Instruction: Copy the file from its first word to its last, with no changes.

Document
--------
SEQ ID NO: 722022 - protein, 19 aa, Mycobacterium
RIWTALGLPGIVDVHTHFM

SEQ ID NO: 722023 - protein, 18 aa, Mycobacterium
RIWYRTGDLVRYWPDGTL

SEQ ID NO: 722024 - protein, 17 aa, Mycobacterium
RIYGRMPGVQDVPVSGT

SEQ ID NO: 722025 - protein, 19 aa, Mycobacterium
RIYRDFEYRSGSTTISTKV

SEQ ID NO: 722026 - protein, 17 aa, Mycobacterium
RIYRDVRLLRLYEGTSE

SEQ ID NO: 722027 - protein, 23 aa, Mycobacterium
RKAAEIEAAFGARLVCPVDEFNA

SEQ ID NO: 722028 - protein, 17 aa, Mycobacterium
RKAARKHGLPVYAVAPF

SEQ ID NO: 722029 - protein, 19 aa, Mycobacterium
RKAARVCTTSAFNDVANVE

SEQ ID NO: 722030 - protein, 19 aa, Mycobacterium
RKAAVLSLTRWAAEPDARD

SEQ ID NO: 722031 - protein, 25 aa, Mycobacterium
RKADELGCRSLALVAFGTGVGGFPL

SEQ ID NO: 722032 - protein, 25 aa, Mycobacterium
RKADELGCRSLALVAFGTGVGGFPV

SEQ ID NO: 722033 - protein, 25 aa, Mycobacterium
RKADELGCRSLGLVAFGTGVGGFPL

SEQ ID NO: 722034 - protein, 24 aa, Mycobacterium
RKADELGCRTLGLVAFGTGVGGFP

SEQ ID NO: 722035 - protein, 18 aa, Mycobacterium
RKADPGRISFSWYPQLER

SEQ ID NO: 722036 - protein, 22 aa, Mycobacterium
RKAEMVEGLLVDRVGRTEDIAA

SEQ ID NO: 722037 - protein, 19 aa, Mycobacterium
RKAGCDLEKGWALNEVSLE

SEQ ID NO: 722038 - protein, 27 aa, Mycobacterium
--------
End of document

SEQ ID NO: 722022 - protein, 19 aa, Mycobacterium
RIWTALGLPGIVDVHTHFM

SEQ ID NO: 722023 - protein, 18 aa, Mycobacterium
RIWYRTGDLVRYWPDGTL

SEQ ID NO: 722024 - protein, 17 aa, Mycobacterium
RIYGRMPGVQDVPVSGT

SEQ ID NO: 722025 - protein, 19 aa, Mycobacterium
RIYRDFEYRSGSTTISTKV

SEQ ID NO: 722026 - protein, 17 aa, Mycobacterium
RIYRDVRLLRLYEGTSE

SEQ ID NO: 722027 - protein, 23 aa, Mycobacterium
RKAAEIEAAFGARLVCPVDEFNA

SEQ ID NO: 722028 - protein, 17 aa, Mycobacterium
RKAARKHGLPVYAVAPF

SEQ ID NO: 722029 - protein, 19 aa, Mycobacterium
RKAARVCTTSAFNDVANVE

SEQ ID NO: 722030 - protein, 19 aa, Mycobacterium
RKAAVLSLTRWAAEPDARD

SEQ ID NO: 722031 - protein, 25 aa, Mycobacterium
RKADELGCRSLALVAFGTGVGGFPL

SEQ ID NO: 722032 - protein, 25 aa, Mycobacterium
RKADELGCRSLALVAFGTGVGGFPV

SEQ ID NO: 722033 - protein, 25 aa, Mycobacterium
RKADELGCRSLGLVAFGTGVGGFPL

SEQ ID NO: 722034 - protein, 24 aa, Mycobacterium
RKADELGCRTLGLVAFGTGVGGFP

SEQ ID NO: 722035 - protein, 18 aa, Mycobacterium
RKADPGRISFSWYPQLER

SEQ ID NO: 722036 - protein, 22 aa, Mycobacterium
RKAEMVEGLLVDRVGRTEDIAA

SEQ ID NO: 722037 - protein, 19 aa, Mycobacterium
RKAGCDLEKGWALNEVSLE

SEQ ID NO: 722038 - protein, 27 aa, Mycobacterium